“A war is being fought inside you. Your body fights itself and, somehow, this battle is sustaining you, keeping you on your feet long past the limits of human endurance. Your sight fails, your blood runs black and thick. Inside you, your organs are beginning to shut down. But you also have wounds both old and new, and the Black Lotus is preventing them from killing you. Your blood is sluggish, otherwise the gash in your side would have long ago emptied you like a vase with a hole in the bottom. Somehow, your body has achieved a strange kind of equilibrium. But I fear it won’t last much longer. And, when the antidote is finally administered, the toll it takes on you may be devastating. It is not something I would give you lightly.”
“Well that’s real nice. What’s the second thing?”
Amandil arched an eyebrow, but he went on. “The second thing is an…artefact…that will help to defeat the drow.”
“Like some kinda weapon?”
“Not exactly. But it will save New Atlas.”
“Sounds good. You gonna hand ’em over or is there more you feel like sayin’? Not that I ain’t enjoy hearin’ you tell me how I’m gonna die horribly an’ all, but as you’ve pointed out my time is kinda limited right now, my ex-girlfriend’s home is probably burnin’ down an’ when the sun goes down, I’m gonna have some real angry dark elves lookin’ for me. So if you could give me what I’m after, maybe I can get outta your hair?”
He smiled thinly at me. “Would that it were that simple. These two gifts aren’t here. Both are too dangerous to keep in my home. They are hidden, disguised as mere historical curiosities where few would take an interest in them and their power. I have to make calls, use favours, bend my resources to obtaining these things. You must come to me tonight.”
“Tonight? Back here?”
“Not here, no. The Metropolitan Museum of Art.”
“Ah.” I knew it. Last time I’d been there was to pick up a certain artefact as well. I knew that one of Amandil’s family was the curator too, which I guess was the favour he was calling in. Well so be it. “All right,” I said, struggling up to my feet, “shouldn’t be a problem. I’ll lay low for the day, then take the dwarf tunnel in the evening. Just wait for me in the basement with the stuff.”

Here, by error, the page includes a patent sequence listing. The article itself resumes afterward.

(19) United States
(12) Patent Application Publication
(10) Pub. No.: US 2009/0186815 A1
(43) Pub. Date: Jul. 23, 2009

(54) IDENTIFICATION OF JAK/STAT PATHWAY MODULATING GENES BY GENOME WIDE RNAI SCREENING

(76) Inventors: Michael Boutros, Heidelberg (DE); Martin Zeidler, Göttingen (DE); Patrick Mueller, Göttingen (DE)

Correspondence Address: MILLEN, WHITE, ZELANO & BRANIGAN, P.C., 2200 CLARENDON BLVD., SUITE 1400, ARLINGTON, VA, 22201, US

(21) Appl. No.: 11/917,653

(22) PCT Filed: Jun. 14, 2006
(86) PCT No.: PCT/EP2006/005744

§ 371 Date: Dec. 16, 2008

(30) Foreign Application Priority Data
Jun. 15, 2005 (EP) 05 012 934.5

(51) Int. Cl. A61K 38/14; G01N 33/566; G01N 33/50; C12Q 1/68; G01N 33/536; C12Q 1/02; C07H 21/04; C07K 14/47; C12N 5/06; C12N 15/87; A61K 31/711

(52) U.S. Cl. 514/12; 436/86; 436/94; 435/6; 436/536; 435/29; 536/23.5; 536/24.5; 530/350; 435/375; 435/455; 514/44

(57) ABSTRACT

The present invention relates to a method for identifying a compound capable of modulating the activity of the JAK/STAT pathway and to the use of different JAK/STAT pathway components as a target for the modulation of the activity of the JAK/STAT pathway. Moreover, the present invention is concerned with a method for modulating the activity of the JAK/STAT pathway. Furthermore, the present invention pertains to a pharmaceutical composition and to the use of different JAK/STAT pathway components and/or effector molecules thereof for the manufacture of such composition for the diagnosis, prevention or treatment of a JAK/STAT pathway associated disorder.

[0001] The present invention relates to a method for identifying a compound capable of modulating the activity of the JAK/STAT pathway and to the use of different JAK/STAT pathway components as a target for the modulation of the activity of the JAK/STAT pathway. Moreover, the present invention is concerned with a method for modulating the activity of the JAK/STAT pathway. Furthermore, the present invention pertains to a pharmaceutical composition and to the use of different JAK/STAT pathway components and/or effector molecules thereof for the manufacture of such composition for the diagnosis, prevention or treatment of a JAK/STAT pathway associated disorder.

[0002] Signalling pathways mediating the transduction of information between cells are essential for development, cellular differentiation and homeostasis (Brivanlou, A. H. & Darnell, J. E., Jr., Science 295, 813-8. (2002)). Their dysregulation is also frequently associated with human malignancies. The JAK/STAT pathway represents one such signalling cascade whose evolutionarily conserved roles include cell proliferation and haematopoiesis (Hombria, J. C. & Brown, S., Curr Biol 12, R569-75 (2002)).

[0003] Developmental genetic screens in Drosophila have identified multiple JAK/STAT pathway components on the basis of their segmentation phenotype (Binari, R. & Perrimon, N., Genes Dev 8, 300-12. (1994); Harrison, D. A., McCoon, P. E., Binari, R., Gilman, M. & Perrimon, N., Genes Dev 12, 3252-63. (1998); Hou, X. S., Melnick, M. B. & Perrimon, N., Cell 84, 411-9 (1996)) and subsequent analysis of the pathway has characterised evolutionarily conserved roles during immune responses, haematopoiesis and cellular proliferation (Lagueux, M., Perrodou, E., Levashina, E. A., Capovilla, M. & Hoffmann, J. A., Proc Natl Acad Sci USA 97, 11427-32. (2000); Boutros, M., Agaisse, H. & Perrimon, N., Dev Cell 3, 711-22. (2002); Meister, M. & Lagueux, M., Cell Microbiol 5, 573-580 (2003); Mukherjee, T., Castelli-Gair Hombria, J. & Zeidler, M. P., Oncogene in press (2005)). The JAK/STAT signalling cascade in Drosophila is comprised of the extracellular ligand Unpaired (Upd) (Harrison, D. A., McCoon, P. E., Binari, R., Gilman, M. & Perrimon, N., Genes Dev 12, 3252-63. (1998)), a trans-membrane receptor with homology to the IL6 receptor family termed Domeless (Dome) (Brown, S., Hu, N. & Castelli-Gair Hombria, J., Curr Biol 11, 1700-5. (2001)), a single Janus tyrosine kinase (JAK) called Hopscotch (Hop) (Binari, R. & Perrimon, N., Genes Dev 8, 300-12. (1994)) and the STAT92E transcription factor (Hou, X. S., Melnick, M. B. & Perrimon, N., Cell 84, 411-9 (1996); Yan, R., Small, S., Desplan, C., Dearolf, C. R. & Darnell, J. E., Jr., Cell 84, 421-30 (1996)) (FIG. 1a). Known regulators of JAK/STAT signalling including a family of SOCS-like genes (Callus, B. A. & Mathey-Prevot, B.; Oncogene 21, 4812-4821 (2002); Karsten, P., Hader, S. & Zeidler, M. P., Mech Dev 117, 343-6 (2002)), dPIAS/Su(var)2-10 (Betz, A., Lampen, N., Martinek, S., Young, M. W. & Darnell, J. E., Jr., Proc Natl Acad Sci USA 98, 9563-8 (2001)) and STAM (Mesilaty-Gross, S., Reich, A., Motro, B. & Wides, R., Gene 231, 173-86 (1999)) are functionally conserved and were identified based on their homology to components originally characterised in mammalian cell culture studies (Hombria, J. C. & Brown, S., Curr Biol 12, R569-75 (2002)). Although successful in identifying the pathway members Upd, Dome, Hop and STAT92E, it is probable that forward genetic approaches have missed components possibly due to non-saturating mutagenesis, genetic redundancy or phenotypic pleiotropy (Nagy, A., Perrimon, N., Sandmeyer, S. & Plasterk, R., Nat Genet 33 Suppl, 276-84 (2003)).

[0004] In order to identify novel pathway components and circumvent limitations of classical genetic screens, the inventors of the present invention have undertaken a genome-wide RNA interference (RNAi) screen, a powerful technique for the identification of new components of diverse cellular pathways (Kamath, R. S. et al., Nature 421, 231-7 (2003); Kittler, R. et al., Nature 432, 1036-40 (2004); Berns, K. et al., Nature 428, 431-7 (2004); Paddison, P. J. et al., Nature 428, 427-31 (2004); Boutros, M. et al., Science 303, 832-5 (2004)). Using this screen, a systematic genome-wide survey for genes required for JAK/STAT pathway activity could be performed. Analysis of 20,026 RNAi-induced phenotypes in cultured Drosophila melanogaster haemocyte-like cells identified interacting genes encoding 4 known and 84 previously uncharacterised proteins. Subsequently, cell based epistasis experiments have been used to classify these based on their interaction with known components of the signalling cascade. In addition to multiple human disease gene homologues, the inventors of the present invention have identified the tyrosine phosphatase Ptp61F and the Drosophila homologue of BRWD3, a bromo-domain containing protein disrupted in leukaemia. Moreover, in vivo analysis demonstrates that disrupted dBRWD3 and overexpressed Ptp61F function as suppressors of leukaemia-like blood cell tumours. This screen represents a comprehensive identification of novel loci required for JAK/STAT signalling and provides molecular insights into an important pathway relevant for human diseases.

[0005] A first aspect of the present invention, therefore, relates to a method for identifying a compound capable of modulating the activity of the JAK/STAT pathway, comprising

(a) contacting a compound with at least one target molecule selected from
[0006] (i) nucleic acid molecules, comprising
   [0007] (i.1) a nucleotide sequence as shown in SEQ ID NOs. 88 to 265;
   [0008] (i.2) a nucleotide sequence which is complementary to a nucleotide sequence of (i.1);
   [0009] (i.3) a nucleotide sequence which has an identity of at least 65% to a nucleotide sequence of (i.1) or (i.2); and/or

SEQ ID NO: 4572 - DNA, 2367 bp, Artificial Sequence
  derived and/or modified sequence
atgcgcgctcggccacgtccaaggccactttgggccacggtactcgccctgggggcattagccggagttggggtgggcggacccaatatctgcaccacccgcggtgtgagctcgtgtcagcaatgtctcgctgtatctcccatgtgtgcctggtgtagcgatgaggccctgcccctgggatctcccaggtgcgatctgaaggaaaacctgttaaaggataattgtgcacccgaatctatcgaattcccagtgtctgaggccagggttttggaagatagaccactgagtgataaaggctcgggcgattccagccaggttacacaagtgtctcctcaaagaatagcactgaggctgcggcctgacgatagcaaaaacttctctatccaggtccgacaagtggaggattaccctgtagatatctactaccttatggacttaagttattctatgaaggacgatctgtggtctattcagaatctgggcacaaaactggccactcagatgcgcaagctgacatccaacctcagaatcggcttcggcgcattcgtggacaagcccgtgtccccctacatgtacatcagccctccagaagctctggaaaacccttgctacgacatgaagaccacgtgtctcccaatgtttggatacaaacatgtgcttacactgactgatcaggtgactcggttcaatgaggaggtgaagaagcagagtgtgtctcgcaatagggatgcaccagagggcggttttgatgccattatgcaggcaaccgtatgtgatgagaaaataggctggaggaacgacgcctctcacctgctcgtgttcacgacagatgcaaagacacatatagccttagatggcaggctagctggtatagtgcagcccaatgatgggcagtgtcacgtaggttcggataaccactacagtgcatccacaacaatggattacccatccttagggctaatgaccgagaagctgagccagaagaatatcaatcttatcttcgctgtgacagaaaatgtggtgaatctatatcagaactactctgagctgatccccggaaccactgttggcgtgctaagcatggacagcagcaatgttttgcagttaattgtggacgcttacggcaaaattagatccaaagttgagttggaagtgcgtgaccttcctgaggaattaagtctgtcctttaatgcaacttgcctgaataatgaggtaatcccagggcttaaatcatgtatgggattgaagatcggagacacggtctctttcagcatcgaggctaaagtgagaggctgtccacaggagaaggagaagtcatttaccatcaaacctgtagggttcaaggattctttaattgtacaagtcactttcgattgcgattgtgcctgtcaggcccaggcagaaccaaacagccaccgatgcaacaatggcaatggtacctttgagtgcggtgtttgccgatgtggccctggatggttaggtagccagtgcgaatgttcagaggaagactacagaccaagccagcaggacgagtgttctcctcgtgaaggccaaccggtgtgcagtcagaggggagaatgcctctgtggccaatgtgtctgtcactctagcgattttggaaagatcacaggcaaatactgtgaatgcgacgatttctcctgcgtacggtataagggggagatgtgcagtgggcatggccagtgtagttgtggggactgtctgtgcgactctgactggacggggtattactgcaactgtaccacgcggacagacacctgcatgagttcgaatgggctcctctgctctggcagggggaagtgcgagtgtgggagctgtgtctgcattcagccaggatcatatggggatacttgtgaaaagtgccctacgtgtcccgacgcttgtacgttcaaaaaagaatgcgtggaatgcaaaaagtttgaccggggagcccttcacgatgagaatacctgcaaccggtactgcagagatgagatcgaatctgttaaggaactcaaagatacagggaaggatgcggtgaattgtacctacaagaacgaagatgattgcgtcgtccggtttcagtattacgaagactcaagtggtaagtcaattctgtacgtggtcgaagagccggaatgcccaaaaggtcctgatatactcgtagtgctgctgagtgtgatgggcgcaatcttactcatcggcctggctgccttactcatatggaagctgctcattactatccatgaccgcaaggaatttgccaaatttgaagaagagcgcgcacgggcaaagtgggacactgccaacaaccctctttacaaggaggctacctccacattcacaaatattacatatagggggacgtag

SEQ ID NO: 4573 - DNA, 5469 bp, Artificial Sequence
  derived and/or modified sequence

Something happened behind his eyes. Up to that point, they’d been flat, cold, emotionless. But there was a spark of something when I mentioned the tunnels, like I’d said something he hadn’t expected. “No…don’t take the tunnels. I’ll send a car to your office on Eldritch Street tonight. That will be easier.”
“Right.” So he didn’t know everything. He didn’t know I’d used a dwarf door already today or he wouldn’t be trying to keep me away from them now. So what did he know about them, and what was he trying to hide?
I thought about that instant of doubt in his eyes as I rode the elevator back down to the lobby. I couldn’t ever match wits with a damn elf, but I had some idea of how the clockwork in this monster’s mind worked. I’d seen those nasty gears grind away before, and as I played over the conversation in my mind, I started to realise what I hadn’t seen before.
Orodreth showed me out the front door. There was a fancy car with blacked out windows parked at the base of the steps out front. “Mr Amandil’s car will take you wherever you wish to go within city limits,” he told me curtly.